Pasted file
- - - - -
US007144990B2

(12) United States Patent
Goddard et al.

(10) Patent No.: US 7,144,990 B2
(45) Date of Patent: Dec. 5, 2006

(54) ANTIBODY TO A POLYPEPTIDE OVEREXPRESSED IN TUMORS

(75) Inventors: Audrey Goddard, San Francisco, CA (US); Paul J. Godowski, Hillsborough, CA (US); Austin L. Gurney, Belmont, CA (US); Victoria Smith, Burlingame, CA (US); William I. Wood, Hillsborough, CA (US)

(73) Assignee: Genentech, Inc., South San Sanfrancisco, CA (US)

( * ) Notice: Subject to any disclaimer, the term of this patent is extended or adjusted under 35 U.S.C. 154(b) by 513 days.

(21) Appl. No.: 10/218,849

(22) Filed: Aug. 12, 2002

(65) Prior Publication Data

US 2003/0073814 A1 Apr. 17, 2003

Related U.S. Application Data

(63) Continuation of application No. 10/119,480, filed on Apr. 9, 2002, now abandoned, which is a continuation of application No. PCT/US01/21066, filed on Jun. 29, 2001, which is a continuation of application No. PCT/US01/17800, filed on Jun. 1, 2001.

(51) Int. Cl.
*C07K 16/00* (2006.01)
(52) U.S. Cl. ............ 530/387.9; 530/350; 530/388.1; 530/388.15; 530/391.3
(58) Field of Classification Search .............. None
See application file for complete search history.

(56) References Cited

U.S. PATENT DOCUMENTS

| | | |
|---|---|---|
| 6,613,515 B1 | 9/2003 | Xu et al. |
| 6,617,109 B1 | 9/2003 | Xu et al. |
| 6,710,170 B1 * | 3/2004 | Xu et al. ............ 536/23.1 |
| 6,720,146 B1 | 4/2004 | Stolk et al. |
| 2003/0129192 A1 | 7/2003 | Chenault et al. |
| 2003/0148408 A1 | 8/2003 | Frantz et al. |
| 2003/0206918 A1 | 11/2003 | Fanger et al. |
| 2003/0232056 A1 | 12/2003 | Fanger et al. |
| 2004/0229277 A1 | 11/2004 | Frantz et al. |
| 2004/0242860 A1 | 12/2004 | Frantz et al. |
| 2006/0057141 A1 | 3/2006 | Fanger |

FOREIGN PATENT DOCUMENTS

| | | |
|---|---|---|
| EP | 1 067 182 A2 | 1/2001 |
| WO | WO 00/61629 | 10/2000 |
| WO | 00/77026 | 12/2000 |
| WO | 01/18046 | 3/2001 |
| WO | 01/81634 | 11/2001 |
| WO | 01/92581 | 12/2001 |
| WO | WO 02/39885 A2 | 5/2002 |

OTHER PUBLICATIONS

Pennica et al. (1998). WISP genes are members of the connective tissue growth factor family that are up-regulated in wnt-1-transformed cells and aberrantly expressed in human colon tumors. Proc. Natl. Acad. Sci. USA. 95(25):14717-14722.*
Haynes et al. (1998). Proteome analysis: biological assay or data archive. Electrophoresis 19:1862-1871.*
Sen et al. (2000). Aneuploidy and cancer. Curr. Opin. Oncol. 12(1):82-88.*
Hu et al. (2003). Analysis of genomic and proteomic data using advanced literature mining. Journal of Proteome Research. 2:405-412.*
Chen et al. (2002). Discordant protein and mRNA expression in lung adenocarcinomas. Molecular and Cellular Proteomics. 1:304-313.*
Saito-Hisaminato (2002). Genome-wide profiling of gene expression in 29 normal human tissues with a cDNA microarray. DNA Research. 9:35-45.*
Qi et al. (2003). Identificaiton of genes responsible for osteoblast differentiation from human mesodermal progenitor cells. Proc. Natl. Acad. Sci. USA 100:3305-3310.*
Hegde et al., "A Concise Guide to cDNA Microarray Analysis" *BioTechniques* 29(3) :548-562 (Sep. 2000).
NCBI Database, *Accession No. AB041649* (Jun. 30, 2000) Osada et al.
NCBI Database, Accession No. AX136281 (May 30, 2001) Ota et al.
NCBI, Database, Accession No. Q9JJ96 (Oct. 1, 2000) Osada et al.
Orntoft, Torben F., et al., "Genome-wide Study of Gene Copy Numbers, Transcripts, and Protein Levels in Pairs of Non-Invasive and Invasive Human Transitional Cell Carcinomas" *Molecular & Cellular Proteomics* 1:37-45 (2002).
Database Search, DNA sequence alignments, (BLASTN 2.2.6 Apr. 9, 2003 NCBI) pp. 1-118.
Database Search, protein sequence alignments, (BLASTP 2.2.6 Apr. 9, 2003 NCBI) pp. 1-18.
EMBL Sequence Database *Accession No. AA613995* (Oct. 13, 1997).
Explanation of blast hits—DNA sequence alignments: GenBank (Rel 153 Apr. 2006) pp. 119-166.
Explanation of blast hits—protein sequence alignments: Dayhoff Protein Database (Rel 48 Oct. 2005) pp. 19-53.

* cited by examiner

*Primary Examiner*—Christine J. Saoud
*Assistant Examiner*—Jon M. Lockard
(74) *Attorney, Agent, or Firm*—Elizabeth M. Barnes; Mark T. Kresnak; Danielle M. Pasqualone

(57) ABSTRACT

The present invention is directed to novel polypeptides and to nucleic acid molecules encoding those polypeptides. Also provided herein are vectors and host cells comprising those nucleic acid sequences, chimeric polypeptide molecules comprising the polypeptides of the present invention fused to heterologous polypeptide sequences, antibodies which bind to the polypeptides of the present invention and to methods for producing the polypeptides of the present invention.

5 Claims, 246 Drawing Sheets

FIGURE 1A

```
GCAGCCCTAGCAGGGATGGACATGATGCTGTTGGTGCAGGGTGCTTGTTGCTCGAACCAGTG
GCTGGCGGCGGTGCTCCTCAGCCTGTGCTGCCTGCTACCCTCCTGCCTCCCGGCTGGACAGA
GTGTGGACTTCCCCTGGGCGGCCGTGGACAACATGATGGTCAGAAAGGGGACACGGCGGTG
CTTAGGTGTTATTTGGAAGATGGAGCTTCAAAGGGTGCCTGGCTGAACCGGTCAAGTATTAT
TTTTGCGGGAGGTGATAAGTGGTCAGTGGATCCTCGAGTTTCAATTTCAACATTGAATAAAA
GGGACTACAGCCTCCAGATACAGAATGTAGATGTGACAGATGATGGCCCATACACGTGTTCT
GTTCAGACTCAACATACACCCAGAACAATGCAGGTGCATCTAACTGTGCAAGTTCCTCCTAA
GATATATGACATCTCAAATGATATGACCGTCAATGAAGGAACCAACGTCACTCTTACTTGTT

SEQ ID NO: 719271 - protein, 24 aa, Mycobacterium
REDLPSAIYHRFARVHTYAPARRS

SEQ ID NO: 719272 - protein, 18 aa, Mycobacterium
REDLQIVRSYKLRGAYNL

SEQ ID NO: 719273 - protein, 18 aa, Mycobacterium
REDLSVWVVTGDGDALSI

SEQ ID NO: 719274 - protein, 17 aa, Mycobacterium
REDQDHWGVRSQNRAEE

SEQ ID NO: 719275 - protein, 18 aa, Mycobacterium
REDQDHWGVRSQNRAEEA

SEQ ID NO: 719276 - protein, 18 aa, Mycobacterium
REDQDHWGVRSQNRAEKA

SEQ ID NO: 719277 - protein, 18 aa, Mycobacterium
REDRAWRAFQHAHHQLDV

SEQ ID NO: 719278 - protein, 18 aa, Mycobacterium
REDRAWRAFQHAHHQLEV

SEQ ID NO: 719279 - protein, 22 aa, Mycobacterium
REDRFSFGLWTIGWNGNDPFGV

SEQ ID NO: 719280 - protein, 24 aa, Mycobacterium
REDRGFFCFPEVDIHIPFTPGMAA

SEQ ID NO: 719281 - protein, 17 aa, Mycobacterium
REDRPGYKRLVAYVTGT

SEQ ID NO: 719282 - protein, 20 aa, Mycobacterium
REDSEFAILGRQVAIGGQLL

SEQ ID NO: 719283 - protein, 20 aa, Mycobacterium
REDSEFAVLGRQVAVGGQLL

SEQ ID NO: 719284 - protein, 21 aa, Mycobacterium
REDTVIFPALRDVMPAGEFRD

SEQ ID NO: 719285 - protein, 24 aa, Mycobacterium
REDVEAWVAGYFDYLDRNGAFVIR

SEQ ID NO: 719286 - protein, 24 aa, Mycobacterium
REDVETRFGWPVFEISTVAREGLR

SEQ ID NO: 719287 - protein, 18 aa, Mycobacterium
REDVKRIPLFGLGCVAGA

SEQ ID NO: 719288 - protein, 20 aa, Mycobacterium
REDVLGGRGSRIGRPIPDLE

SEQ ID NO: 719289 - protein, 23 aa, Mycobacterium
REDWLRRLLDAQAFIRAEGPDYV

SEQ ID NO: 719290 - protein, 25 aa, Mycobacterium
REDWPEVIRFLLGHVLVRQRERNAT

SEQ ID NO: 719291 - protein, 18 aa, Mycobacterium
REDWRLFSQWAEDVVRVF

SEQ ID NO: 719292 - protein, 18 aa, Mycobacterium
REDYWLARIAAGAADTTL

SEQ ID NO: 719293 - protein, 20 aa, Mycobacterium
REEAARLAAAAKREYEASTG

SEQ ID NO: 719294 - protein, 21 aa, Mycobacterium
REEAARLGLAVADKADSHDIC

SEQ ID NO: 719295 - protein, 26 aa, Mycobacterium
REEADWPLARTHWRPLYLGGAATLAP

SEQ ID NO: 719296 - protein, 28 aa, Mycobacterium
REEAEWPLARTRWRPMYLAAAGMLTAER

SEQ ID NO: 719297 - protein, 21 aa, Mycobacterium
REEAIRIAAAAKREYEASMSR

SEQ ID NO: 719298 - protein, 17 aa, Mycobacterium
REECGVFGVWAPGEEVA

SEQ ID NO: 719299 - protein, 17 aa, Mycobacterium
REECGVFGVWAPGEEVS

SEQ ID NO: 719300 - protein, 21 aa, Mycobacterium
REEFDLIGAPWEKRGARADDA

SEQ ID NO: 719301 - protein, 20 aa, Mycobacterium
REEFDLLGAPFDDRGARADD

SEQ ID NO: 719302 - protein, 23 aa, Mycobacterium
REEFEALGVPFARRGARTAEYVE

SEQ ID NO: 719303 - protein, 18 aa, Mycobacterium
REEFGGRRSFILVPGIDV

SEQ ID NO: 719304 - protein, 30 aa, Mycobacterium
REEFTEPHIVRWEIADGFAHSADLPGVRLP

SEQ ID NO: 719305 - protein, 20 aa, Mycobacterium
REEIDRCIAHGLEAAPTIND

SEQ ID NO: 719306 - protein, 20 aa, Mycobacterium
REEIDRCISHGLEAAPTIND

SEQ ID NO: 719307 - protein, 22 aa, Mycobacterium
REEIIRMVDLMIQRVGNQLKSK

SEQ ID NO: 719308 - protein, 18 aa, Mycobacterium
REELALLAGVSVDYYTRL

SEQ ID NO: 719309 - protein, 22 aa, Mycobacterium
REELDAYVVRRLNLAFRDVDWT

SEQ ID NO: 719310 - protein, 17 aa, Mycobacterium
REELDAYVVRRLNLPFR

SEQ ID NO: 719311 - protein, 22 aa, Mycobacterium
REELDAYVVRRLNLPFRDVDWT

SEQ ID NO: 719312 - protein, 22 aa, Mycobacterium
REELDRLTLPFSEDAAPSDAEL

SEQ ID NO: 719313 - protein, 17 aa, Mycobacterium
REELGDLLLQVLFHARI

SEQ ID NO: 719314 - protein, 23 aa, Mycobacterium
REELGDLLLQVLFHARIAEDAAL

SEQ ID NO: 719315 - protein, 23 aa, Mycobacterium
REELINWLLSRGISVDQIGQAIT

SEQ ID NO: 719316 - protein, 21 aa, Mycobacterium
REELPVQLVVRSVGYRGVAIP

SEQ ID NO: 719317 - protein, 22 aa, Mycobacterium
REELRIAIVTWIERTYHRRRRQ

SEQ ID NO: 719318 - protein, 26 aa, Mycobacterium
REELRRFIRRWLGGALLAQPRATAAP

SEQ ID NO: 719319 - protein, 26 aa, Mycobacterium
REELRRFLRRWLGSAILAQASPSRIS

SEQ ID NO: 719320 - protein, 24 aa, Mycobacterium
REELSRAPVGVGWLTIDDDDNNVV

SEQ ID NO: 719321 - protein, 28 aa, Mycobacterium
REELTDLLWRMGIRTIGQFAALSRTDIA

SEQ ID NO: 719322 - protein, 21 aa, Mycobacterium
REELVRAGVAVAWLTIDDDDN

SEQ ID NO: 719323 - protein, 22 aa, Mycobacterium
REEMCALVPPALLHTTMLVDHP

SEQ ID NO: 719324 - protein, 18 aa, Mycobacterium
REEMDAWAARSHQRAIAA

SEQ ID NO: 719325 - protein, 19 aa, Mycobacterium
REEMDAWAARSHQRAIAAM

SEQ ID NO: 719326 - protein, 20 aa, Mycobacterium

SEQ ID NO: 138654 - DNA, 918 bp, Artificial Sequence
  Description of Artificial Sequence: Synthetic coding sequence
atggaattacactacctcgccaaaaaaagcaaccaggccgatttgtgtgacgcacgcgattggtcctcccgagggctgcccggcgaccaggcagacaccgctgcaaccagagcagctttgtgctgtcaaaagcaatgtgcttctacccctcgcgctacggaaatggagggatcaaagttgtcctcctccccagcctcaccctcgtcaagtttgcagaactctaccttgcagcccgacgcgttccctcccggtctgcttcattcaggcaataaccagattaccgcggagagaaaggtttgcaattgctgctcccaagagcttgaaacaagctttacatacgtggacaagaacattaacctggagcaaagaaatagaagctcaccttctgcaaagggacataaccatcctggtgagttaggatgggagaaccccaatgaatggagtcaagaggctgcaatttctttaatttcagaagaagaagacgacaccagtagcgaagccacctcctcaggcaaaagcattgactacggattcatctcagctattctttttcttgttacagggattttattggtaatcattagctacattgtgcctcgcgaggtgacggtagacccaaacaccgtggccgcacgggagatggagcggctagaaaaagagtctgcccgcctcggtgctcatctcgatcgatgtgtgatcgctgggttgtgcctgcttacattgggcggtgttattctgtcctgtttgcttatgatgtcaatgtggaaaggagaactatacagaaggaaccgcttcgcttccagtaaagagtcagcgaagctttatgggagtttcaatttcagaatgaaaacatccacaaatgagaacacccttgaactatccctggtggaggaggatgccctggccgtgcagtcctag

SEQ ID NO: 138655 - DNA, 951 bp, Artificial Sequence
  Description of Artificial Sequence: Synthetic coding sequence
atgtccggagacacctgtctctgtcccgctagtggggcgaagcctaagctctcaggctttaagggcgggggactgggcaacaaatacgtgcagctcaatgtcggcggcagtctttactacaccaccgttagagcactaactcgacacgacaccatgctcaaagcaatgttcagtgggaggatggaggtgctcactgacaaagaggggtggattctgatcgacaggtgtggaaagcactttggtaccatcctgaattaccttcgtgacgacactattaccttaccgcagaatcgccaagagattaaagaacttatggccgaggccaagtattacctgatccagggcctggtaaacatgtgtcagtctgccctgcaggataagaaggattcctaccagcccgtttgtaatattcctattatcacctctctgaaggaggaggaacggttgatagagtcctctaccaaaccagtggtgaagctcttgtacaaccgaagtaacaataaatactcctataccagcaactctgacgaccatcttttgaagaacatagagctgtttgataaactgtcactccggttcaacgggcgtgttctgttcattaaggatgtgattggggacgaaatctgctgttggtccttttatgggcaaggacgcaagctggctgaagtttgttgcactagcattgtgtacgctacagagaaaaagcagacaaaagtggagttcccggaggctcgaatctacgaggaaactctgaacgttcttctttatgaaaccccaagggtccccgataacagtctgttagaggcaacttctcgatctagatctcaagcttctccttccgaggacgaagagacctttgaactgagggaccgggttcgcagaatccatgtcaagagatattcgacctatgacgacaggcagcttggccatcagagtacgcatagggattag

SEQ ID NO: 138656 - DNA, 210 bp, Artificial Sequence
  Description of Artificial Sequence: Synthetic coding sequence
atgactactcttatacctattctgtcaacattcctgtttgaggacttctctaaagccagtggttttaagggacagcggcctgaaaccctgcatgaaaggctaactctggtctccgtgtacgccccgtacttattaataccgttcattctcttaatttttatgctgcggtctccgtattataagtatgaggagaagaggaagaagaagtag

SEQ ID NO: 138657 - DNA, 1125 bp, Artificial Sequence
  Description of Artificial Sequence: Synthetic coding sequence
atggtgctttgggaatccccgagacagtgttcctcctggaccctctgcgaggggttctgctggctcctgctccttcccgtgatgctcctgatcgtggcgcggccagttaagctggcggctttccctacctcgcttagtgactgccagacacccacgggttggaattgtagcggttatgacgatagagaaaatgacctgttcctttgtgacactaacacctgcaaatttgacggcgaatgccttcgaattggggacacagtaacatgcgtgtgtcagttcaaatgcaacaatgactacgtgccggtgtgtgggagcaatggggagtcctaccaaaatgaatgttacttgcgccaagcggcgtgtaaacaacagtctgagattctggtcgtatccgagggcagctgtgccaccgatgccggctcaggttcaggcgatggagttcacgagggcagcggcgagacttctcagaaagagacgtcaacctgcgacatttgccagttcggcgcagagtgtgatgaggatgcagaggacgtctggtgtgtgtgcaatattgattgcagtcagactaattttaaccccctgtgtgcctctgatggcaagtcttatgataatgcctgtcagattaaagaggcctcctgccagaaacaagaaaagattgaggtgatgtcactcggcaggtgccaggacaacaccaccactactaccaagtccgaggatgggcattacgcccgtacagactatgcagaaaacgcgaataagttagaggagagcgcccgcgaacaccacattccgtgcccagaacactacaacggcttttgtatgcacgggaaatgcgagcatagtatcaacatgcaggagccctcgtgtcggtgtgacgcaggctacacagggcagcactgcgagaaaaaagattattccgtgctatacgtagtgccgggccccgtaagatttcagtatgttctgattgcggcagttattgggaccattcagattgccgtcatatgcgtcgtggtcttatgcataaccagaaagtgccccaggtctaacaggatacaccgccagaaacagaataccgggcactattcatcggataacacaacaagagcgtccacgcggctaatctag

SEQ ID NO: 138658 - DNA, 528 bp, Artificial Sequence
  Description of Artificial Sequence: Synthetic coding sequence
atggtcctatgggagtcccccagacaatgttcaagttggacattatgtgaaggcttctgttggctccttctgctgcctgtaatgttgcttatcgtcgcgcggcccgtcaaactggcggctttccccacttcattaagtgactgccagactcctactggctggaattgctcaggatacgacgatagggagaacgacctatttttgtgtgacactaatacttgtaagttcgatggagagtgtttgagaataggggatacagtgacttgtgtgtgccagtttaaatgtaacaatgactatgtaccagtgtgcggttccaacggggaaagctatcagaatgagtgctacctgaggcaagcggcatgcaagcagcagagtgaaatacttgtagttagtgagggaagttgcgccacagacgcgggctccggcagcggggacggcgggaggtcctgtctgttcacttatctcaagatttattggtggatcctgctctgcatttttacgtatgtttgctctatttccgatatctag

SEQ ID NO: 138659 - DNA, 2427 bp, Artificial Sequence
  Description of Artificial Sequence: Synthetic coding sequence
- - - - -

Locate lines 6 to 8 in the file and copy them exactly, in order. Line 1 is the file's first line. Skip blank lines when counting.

(54) ANTIBODY TO A POLYPEPTIDE OVEREXPRESSED IN TUMORS

(75) Inventors: Audrey Goddard, San Francisco, CA (US); Paul J. Godowski, Hillsborough, CA (US); Austin L. Gurney, Belmont, CA (US); Victoria Smith, Burlingame, CA (US); William I. Wood, Hillsborough, CA (US)

(73) Assignee: Genentech, Inc., South San Sanfrancisco, CA (US)